Generally, snorkeling is a common hobby for tourists and many people who are unacquainted with the water and may not have quite as strong aquatic skills. Short snorkeling fins are easier to control and need less technique to get the most out of. Thus, even beginners can use short fins for body positioning and won't be quite as awkward when out of the water.
However, short fins don't provide as much propulsion and will generally tire you out quicker.
Frequently Asked Questions
Can I use swimming goggles instead of a mask?
It is possible to use swimming goggles for snorkeling. However, you’ll have a few problems which will make the experience uncomfortable.
The major difference between goggles and a snorkel mask is the nose pocket. Snorkeling masks cover and block your nose. Obviously, when you’re breathing through a snorkel you need to use your mouth.
For most people, this is unnatural as we prefer to breathe through our noses. The nose pocket prevents you from accidentally inhaling water through the nose.
Swimming goggles don’t have that feature. Most people will struggle to prevent themselves from breathing through their nose while wearing swimming goggles. You can use a nose plug in conjunction with goggles but by that point, you might as well just wear the mask.
What else do I need for snorkeling?
There are some other pieces of equipment that you can get to make your snorkeling or diving experience easier and more enjoyable. They’re not necessary by any means but they will improve your time in the water.
The first thing to look at after the mask and snorkel is a wet suit. Depending on where you plan to snorkel, this might be essential. If you are in cold waters a wet suit will insulate your body and stop hypothermia from setting in.
Warmer and tropical waters won’t make you cold so wet suits aren’t strictly necessary. However, wet suits also help you move through the water easier as they are more streamlined than traditional swimwear.
The final bit of snorkeling gear you might want to consider are flippers. Sometimes called fins, these are shoes with long extended pieces that look like, well, flippers.
They help you move through the water without splashing and thrashing. This is important because you are less likely to disturb the wildlife around you with flippers.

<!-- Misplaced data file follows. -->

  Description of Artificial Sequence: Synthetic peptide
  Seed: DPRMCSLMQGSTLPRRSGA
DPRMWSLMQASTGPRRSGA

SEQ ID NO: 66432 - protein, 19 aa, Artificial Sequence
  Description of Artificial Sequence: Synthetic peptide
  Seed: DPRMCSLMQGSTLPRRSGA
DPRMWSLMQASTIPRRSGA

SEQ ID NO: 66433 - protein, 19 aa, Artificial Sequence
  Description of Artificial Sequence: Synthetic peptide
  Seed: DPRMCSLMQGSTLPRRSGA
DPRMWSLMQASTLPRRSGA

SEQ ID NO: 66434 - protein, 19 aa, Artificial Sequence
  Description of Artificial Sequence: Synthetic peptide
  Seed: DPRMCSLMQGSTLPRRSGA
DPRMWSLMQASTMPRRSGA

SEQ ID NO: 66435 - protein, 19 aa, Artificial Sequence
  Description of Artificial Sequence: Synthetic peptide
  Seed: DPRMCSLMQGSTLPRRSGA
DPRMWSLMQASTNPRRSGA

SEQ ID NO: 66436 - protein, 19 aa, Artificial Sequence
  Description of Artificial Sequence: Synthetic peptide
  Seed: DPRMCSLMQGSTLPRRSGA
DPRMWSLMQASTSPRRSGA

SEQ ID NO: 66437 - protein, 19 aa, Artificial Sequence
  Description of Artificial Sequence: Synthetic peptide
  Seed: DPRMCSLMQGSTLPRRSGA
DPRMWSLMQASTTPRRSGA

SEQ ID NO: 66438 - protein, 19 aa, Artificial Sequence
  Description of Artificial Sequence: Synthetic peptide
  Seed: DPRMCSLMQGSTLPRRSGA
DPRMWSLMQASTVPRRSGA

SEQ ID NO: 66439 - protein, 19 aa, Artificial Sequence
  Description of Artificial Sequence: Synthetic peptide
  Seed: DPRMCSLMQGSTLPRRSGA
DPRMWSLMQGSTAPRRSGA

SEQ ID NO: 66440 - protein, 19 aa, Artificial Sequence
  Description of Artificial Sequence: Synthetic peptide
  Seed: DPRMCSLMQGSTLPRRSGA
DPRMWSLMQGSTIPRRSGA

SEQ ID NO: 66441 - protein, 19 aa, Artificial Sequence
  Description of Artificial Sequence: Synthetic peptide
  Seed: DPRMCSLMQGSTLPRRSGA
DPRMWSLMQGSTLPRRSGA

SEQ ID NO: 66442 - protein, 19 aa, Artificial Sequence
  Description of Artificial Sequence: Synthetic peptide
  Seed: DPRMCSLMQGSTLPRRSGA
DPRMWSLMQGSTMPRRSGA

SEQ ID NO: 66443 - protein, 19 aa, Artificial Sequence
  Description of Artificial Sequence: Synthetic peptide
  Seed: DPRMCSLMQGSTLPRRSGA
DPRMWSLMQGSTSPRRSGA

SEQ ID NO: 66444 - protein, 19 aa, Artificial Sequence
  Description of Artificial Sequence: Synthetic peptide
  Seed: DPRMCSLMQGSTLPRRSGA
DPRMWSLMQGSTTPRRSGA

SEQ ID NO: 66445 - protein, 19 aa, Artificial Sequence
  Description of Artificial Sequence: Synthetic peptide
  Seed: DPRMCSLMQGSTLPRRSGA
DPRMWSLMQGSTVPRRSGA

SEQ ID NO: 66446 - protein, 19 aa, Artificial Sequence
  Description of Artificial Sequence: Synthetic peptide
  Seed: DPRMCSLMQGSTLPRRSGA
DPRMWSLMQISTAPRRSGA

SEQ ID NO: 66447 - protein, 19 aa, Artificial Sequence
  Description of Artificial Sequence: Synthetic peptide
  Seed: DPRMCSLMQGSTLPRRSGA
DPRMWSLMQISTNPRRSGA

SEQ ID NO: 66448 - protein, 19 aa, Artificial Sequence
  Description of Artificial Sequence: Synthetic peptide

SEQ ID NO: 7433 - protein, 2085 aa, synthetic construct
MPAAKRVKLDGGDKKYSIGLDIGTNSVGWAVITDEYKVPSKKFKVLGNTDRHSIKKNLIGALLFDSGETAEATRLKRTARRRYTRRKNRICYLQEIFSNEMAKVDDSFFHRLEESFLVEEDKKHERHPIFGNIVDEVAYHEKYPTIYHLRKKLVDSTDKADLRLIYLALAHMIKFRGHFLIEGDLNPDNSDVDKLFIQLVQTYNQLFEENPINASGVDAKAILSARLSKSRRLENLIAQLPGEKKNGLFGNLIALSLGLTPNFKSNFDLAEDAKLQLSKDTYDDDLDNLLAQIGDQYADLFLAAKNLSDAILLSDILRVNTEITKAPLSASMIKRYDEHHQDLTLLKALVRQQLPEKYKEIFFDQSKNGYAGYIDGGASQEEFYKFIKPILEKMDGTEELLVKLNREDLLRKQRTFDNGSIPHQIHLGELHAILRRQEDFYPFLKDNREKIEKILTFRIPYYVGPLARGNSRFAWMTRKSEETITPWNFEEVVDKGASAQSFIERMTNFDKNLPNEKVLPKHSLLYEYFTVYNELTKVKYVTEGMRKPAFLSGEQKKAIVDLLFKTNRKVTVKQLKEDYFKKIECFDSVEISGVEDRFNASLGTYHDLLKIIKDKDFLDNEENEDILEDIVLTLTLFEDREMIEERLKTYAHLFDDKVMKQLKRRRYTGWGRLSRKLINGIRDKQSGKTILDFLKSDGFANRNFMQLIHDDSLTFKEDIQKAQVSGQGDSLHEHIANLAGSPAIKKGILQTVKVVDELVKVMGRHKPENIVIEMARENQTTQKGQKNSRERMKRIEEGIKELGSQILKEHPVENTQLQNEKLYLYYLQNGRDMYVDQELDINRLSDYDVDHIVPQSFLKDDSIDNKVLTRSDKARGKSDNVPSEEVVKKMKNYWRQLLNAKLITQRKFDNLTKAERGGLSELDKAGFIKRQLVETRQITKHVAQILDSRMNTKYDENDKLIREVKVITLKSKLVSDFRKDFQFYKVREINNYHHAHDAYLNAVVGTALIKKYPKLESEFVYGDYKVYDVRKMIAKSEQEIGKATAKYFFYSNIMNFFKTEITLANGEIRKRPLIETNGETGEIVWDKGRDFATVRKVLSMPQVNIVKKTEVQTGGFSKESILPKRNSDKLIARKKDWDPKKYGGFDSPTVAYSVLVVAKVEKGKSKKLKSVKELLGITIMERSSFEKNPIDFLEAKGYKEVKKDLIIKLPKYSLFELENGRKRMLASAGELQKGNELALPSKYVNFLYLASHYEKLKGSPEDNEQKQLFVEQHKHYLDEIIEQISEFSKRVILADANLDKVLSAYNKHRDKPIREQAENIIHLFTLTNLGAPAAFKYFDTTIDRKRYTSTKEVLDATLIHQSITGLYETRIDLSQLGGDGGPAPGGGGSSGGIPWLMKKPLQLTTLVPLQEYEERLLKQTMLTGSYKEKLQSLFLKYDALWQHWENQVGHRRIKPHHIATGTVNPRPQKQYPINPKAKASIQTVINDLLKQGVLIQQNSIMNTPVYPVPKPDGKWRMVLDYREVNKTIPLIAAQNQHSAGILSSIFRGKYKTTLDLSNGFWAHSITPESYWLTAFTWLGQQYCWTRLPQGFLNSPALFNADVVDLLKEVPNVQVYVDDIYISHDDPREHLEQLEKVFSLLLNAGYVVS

Are full-face snorkels safe?
Full-face snorkel masks look like something out of the space age. They are masks that go around the whole face with a small snorkel tube sticking out of the top.
They are mostly sold as recreational toys rather than serious snorkeling gear. In fact, most divers and snorkelers hate these masks. And it’s not simply a cosmetic issue.
Full-face snorkels are actually quite dangerous. The large volume and the fact that you breathe through your nose and mouth means that a lot of dead air gets trapped in the mask.
Dead air is essentially carbon dioxide that is exhaled when we breathe. In a normal snorkel, this air is exhaled out of the top of the tube before we take our next breath in. We can clear the dead air because there is a relatively small volume we need to clear.
In a full-face mask, you need to clear the whole volume of the mask of carbon dioxide in one exhale. This just isn’t possible. There’s no tube to direct the air out of the snorkel at the top so the carbon dioxide just sits in there. This can lead to asphyxiation.
So, no, full-face snorkels are not safe.
Do you need fins for snorkeling?
Unless you are in very shallow water, close to shore, on a completely flat day with virtually no current at all - yes, fins should be used for snorkeling.
The surface area of your snorkel fins allows you to exert more force on the water as you kick. Because of this, you can swim for longer periods without exerting too much energy. You will also be able to swim effectively against waves and currents with far less struggling.
Fins are also essential for proper body control in the water and allow you to more safely maneuver around coral and ocean life without damaging or disturbing it.